Monday, March 3, 2014

Teacher development at Elm City Middle

At Elm City College Prep Middle School, as at most Achievement First schools, we spend a lot of time thinking about teacher development. As I've written before, I believe teacher development should be a school's first priority, not because we should care more about adults than we do about kids, but because the effort we expend to develop teachers leads to a much greater impact on students than a singular focus on individual students.

Our work with teachers falls into four categories, seen through the lens of a science lesson on cell division:

Before the lesson, helping teachers to do the intellectual work to prepare for a lesson. This is a time to ask questions such as "What will a truly exceptional response to this question sound like? What misconceptions do we expect students to have, and what will they sound like? How will we follow up to get students to do the thinking required? How can we create cognitive dissonance to get students to confront their own misconceptions? Where and how can we help students find the joy in this lesson?" Here's where we take an initial "mitosis creates new cells", transform it into "mitosis is an ongoing process that creates new cells through the division of existing cells, initially faster than cells are dying and later, in adulthood, at approximately the same rate as cells are dying." Then we figure out how to ask questions to get kids there when their first response to "how does the number of cells change throughout one's lifetime?" is "You get more cells."

During the lesson, helping teachers with whatever it is they're currently trying to develop in their own teaching. This ranges from classroom management (I might send a signal to scan the room to see who is on-/off- task, or remind a teacher to smile, or whisper to a teacher that they should use proximity to get students A, B, and C back on track) to the broader category of holding a high bar for student outputs (I might ask a student to revise his/her response by using two of the unit's vocabulary words or by restating the answer in a complete sentence, or I might indicate that the teacher should ask a follow-up question to ensure students are building on each other's responses - "I wonder if anyone can add to that last response by using more precise vocabulary?") This real-time coaching is a key component in making sure the intellectual work teachers did ahead of time translates into a positive learning experience for teachers and students in the classroom.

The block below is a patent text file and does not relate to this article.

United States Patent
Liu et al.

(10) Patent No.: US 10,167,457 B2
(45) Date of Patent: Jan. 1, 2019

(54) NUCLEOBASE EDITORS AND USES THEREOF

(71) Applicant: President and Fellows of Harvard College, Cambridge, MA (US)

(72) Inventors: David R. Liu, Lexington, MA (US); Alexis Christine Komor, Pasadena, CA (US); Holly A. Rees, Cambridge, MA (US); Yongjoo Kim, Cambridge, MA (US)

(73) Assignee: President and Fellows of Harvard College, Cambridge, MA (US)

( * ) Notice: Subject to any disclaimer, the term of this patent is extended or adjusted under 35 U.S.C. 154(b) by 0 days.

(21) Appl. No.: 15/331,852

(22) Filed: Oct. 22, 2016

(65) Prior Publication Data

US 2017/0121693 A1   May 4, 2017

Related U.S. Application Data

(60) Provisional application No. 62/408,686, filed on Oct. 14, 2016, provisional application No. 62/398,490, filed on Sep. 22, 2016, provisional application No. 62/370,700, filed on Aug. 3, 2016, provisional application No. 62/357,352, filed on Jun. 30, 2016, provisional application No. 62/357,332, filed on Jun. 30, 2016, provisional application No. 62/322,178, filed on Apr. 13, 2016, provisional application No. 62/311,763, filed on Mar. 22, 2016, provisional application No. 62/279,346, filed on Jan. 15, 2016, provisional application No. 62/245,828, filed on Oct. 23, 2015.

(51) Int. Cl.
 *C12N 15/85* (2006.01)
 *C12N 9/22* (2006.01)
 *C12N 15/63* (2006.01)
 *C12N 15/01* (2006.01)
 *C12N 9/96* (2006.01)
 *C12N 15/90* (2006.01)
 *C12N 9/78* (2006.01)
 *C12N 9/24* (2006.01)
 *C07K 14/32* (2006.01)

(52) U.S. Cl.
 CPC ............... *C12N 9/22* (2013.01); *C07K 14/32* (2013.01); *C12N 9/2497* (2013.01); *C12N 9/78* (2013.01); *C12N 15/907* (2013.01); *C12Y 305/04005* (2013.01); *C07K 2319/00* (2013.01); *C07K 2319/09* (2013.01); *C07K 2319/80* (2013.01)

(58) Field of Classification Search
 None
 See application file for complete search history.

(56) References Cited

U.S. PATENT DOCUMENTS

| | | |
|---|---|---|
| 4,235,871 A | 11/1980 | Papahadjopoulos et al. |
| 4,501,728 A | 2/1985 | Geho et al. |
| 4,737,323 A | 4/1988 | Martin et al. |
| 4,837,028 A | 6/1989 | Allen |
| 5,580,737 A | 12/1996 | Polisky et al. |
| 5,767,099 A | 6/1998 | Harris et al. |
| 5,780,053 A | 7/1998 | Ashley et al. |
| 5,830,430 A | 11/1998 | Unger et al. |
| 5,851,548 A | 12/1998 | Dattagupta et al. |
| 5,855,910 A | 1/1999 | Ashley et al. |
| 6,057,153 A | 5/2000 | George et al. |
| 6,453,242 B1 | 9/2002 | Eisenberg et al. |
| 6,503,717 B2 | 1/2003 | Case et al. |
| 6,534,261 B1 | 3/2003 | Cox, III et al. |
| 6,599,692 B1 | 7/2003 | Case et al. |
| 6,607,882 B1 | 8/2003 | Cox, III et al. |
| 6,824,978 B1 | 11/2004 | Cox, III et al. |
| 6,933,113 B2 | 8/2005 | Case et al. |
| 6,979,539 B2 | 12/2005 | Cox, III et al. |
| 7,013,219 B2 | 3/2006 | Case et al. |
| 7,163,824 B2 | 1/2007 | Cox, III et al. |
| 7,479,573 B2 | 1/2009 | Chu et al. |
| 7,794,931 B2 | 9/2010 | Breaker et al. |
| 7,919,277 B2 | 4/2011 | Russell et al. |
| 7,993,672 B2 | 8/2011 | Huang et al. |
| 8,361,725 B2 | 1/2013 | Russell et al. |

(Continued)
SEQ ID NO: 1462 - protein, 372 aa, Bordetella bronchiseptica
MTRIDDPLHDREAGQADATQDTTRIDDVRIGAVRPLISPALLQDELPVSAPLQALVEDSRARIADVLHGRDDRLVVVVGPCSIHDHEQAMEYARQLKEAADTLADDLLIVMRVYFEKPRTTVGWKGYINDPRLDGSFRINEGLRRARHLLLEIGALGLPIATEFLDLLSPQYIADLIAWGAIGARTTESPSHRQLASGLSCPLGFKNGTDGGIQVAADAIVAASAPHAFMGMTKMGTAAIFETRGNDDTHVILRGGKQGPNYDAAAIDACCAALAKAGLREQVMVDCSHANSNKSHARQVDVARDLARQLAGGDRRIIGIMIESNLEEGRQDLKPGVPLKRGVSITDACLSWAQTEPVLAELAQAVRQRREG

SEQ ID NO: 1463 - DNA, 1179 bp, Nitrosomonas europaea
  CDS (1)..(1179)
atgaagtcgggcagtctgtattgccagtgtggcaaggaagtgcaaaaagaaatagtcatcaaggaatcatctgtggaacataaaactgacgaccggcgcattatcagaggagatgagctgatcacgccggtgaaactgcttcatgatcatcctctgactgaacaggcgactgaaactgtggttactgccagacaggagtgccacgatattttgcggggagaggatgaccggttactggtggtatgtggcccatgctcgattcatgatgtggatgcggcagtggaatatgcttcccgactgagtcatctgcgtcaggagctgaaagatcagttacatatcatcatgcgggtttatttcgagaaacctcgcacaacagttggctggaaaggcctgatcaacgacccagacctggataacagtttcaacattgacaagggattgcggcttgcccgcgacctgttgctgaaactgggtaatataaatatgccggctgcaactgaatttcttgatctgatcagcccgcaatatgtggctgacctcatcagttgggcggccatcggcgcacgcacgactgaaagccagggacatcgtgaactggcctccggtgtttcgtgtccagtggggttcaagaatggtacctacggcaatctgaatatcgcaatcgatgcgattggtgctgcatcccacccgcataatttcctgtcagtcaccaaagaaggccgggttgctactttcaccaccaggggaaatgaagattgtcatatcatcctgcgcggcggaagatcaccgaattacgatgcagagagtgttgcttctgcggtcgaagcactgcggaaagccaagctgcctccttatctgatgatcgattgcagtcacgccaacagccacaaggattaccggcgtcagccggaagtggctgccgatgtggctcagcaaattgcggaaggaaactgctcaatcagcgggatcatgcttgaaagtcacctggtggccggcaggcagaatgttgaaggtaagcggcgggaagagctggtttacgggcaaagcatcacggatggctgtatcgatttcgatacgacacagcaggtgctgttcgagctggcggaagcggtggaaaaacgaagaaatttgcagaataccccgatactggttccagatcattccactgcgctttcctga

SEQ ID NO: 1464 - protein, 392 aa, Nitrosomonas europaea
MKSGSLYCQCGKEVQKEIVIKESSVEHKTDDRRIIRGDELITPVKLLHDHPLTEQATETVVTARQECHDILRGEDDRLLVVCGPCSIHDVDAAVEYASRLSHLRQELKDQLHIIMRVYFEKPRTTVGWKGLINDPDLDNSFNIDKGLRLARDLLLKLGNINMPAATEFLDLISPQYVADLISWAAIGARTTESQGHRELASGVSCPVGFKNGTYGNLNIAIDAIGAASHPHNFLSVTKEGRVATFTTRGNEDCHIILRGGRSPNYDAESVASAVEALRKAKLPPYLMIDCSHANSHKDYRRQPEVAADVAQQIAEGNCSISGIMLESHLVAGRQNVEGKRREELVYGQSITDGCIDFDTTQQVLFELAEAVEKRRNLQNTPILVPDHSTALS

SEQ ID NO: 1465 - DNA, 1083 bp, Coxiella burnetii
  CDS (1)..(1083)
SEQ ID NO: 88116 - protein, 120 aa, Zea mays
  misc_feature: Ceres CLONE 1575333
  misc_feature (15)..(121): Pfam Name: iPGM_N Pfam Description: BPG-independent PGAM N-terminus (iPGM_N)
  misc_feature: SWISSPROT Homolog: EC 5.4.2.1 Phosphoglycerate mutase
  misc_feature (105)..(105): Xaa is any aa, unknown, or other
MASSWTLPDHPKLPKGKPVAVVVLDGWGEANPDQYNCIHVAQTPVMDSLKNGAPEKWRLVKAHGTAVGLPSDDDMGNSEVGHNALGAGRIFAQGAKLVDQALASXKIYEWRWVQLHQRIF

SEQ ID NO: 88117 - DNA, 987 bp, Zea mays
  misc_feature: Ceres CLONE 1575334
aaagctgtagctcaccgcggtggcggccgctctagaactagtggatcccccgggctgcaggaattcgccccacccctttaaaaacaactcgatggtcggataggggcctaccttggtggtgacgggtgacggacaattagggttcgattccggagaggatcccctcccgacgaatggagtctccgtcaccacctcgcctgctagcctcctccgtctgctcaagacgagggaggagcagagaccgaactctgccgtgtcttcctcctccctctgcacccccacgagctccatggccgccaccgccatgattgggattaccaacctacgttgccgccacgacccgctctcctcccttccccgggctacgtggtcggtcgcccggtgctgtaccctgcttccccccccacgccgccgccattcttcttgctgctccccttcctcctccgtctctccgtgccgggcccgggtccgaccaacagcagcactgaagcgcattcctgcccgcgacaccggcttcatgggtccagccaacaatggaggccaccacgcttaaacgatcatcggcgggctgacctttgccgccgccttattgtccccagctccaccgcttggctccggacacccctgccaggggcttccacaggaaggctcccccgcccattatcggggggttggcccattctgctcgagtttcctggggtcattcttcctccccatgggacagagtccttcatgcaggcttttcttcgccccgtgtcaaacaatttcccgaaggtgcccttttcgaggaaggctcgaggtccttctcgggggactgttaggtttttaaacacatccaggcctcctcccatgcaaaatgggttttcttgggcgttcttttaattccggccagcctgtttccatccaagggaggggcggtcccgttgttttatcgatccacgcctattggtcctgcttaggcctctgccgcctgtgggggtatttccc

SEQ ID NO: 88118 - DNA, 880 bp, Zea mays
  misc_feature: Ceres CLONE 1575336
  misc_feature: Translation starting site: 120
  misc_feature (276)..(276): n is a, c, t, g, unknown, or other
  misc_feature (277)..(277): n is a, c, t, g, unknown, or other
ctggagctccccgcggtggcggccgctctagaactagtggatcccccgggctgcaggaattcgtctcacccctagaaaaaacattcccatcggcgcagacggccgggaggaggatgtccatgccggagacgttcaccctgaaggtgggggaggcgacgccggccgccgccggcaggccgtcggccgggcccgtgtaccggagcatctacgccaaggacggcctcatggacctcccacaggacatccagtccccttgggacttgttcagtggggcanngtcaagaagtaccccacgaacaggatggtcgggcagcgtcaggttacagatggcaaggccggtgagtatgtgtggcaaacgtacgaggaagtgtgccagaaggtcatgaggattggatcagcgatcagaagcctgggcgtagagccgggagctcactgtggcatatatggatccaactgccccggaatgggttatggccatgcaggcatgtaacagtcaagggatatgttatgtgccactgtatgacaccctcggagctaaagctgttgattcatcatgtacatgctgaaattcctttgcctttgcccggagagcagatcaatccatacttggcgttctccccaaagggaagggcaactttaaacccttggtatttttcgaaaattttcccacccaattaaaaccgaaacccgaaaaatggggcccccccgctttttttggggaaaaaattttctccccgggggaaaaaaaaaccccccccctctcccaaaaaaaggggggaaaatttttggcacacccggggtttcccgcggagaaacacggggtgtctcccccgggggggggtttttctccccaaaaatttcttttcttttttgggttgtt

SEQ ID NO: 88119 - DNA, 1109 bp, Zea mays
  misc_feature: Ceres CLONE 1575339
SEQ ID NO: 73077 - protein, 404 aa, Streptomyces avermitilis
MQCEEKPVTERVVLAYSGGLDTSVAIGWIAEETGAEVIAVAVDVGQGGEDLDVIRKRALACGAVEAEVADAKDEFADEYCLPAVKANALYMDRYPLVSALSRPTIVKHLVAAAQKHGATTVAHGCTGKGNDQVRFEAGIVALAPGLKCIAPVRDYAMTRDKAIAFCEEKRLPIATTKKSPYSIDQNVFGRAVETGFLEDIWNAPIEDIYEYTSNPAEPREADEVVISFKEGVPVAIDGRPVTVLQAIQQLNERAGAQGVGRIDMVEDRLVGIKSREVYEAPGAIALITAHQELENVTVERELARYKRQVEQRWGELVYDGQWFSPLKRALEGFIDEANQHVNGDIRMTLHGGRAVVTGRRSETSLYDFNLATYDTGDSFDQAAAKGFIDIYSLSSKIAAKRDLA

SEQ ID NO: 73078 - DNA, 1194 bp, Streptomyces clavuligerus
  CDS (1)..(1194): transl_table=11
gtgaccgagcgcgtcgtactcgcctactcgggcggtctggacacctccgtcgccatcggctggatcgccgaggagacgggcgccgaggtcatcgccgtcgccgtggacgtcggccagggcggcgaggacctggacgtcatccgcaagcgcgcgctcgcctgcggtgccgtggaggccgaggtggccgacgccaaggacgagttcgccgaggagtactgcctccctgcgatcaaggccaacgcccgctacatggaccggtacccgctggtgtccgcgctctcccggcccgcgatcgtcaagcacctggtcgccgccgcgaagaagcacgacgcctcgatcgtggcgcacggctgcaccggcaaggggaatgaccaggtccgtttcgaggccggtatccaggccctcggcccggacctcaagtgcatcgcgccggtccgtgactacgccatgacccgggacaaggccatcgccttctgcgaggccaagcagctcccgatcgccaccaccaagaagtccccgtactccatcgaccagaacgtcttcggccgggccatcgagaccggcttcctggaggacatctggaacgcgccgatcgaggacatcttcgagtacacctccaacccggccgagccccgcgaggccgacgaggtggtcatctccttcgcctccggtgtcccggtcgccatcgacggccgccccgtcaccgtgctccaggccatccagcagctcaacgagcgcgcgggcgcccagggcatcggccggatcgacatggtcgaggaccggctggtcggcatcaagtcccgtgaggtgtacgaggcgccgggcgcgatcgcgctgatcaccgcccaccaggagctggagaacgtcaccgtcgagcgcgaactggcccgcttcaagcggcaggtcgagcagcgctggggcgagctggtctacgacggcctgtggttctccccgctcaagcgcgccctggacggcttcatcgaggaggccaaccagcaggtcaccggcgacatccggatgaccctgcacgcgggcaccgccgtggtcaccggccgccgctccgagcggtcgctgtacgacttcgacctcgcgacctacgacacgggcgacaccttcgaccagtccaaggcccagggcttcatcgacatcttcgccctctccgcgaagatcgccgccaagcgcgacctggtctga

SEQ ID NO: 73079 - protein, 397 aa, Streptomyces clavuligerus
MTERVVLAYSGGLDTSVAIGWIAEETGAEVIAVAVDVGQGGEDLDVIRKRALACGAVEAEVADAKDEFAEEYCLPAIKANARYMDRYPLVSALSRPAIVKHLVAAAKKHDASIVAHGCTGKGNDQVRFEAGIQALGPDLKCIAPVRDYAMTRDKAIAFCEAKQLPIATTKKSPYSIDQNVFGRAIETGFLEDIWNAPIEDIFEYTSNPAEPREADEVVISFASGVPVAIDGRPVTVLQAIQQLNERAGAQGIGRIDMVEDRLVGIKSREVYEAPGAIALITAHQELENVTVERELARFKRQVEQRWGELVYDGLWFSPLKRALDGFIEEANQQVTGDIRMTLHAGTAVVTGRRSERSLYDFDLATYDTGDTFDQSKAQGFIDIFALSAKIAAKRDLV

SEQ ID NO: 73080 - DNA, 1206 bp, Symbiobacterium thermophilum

After the lesson, looking through student work to determine how the lesson went and what we can do to improve for next time. This ensures that we're being honest about the impact a lesson had - an in-depth analysis of student work highlights the true impact of the lesson on student understanding in a way that is often overshadowed in the midst of a lesson by how the room "feels." Did students actually understand not only the process of mitosis, but also its function? Can they articulate this understanding in writing, without any "rounding up" needed from us? What are our next steps based on the writing we see?

Finally, about once a week, we work on the important parts of teaching that don't fit into a single lesson. How can we develop our capacity to promote an inclusive environment in which we are understanding and affirming our kids' identities? What do these unit tests reveal about what I should re-teach and how? What are best practices for grading/giving feedback to students/calling home about homework? How can we make the most of our time at school so we're not taking hours of work home every night? How can we motivate students who we're not currently reaching? How can I develop as an instructional leader? How can I give this critical feedback to a colleague?

This may sound like a lot of meetings. First of all, this doesn't mean four meetings a week. Usually it's one or two, and we don't get to do all of this with every teacher every week. Second, I think it's strange that so many teachers in so many schools are essentially left to figure all of this out on their own. These are not the dreaded "staff meetings" with a room full of teachers listening to a presentation - they're intellectually stimulating collaborative work sessions where teachers develop their skills while planning to help students develop theirs.

It's tough to pick a favorite part of this process, but for me it's a tie between 1) seeing the joyful rigor we've planned for come to life for kids during the real-time coaching part of this process and 2) looking at student work to see what students produced. The first is wonderful because it's great to see kids smiling and learning and saying brilliant things, and the second is great because it allows us to both celebrate kids' progress and figure out what we can do to help them continue to grow. I cannot imagine a better way to spend the day.

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